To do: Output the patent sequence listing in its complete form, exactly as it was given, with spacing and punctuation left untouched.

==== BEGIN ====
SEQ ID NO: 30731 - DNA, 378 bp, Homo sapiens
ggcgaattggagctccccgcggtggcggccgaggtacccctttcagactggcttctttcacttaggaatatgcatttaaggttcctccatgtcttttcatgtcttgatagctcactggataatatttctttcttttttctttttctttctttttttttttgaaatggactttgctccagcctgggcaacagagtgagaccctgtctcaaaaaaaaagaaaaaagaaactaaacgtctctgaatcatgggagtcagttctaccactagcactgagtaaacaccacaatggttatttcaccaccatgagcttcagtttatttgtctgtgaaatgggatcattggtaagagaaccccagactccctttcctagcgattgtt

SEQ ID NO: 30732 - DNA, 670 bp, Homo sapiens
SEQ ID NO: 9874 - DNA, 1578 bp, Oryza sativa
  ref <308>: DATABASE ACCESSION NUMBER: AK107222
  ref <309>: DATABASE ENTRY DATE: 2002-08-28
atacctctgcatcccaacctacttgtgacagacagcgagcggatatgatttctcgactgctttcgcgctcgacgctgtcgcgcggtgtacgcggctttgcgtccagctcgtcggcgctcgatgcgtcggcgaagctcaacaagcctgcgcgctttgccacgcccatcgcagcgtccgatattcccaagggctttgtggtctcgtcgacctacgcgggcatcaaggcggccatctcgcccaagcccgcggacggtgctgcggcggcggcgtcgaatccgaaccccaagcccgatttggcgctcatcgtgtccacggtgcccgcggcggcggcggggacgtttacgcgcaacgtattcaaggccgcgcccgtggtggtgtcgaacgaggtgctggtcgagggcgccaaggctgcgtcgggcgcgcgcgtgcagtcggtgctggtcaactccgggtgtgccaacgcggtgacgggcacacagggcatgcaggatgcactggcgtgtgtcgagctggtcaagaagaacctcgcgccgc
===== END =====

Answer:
SEQ ID NO: 30731 - DNA, 378 bp, Homo sapiens
ggcgaattggagctccccgcggtggcggccgaggtacccctttcagactggcttctttcacttaggaatatgcatttaaggttcctccatgtcttttcatgtcttgatagctcactggataatatttctttcttttttctttttctttctttttttttttgaaatggactttgctccagcctgggcaacagagtgagaccctgtctcaaaaaaaaagaaaaaagaaactaaacgtctctgaatcatgggagtcagttctaccactagcactgagtaaacaccacaatggttatttcaccaccatgagcttcagtttatttgtctgtgaaatgggatcattggtaagagaaccccagactccctttcctagcgattgtt

SEQ ID NO: 30732 - DNA, 670 bp, Homo sapiens
SEQ ID NO: 9874 - DNA, 1578 bp, Oryza sativa
  ref <308>: DATABASE ACCESSION NUMBER: AK107222
  ref <309>: DATABASE ENTRY DATE: 2002-08-28
atacctctgcatcccaacctacttgtgacagacagcgagcggatatgatttctcgactgctttcgcgctcgacgctgtcgcgcggtgtacgcggctttgcgtccagctcgtcggcgctcgatgcgtcggcgaagctcaacaagcctgcgcgctttgccacgcccatcgcagcgtccgatattcccaagggctttgtggtctcgtcgacctacgcgggcatcaaggcggccatctcgcccaagcccgcggacggtgctgcggcggcggcgtcgaatccgaaccccaagcccgatttggcgctcatcgtgtccacggtgcccgcggcggcggcggggacgtttacgcgcaacgtattcaaggccgcgcccgtggtggtgtcgaacgaggtgctggtcgagggcgccaaggctgcgtcgggcgcgcgcgtgcagtcggtgctggtcaactccgggtgtgccaacgcggtgacgggcacacagggcatgcaggatgcactggcgtgtgtcgagctggtcaagaagaacctcgcgccgc